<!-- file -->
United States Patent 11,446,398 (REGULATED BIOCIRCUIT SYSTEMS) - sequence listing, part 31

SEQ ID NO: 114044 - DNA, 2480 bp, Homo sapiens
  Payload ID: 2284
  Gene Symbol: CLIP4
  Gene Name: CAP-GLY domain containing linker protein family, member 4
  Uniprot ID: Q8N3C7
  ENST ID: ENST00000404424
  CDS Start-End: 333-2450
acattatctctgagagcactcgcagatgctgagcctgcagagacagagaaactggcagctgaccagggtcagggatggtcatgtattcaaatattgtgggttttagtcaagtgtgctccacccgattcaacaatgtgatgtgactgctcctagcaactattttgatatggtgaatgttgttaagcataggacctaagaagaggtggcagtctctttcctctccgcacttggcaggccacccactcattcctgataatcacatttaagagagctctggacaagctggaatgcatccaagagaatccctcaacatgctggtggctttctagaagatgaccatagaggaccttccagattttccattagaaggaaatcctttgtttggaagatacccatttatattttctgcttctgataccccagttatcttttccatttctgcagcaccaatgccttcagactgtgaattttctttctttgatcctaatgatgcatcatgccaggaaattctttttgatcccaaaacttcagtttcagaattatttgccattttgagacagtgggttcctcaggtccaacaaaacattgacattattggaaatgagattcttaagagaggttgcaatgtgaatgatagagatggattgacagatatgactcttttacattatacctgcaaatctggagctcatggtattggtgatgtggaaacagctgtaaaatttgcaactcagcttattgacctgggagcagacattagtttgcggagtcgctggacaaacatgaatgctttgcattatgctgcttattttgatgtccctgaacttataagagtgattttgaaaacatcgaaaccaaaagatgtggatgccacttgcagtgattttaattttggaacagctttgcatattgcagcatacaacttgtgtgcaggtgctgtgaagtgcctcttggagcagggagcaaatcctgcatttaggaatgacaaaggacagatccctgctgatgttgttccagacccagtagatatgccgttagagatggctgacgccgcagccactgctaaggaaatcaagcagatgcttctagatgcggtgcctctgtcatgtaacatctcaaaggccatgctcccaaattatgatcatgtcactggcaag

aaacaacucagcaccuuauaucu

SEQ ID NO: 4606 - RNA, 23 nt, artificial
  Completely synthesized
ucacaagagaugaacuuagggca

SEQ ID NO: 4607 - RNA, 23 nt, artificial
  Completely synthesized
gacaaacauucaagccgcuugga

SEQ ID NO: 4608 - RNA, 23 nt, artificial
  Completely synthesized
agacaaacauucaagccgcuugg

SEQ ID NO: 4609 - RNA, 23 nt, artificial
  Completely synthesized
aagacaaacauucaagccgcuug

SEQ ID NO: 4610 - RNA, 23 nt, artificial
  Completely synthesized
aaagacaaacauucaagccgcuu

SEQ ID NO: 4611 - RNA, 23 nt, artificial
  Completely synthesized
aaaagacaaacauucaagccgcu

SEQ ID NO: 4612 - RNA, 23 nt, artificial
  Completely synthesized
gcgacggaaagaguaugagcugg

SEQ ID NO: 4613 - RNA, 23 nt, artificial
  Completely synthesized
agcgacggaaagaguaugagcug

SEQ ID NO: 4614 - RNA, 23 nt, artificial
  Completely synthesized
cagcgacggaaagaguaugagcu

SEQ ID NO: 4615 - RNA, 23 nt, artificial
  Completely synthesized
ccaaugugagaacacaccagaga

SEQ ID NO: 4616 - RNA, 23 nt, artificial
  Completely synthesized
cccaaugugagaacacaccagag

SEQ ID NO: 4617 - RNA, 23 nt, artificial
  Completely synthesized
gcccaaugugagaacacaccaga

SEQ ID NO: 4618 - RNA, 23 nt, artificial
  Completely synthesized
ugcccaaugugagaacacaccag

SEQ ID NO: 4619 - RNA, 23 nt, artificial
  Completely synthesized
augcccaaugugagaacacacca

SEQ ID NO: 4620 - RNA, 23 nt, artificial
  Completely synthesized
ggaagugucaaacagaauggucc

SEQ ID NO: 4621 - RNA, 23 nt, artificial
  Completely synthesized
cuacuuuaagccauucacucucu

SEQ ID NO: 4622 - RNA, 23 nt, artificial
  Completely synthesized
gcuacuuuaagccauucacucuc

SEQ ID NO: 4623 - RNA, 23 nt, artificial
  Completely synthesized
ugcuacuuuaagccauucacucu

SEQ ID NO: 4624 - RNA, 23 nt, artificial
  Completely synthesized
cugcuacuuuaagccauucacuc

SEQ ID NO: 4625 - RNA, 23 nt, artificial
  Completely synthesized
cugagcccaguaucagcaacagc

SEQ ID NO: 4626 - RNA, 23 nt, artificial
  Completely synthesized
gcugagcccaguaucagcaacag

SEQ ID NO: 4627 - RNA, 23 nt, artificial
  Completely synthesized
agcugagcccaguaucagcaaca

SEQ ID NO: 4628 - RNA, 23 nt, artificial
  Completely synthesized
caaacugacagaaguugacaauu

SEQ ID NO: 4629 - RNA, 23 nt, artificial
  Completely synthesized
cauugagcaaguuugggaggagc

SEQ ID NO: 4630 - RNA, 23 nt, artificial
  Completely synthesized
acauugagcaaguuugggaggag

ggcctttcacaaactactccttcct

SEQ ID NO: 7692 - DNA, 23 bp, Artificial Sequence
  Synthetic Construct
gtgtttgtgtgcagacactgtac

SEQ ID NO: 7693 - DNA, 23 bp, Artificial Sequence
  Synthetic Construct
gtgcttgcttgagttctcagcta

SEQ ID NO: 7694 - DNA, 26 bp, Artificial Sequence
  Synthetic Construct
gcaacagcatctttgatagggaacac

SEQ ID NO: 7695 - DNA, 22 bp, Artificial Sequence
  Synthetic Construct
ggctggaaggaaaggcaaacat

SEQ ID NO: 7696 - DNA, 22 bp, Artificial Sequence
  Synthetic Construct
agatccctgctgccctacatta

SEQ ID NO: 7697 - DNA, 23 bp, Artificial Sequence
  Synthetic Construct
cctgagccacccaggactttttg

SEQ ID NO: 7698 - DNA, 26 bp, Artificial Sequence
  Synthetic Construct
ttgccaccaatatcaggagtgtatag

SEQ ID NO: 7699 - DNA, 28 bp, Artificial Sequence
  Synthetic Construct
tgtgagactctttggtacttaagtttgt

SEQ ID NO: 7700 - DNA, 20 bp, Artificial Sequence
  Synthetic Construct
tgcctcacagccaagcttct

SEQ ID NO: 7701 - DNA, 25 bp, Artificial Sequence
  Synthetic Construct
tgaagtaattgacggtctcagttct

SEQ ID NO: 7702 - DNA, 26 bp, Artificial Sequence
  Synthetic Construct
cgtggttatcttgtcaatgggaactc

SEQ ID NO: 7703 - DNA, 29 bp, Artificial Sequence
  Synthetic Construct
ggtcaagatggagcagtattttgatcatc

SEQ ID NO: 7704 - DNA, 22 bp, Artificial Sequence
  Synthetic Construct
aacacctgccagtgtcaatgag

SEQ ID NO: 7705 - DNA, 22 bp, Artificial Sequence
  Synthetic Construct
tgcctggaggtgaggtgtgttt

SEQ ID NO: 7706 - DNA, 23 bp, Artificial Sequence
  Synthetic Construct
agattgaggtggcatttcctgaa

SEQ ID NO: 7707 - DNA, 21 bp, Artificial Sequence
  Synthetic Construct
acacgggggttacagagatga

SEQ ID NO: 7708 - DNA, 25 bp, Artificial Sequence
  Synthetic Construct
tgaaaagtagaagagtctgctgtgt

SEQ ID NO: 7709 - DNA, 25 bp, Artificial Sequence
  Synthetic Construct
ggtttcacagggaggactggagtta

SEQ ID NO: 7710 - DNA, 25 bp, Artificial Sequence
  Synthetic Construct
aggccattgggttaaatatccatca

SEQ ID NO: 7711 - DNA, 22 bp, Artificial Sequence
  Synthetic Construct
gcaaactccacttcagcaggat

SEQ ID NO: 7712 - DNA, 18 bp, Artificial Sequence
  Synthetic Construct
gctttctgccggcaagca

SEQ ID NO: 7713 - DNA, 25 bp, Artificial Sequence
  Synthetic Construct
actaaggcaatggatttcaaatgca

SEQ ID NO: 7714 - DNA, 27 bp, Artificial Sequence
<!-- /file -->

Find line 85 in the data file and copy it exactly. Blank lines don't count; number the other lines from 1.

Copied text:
acauugagcaaguuugggaggag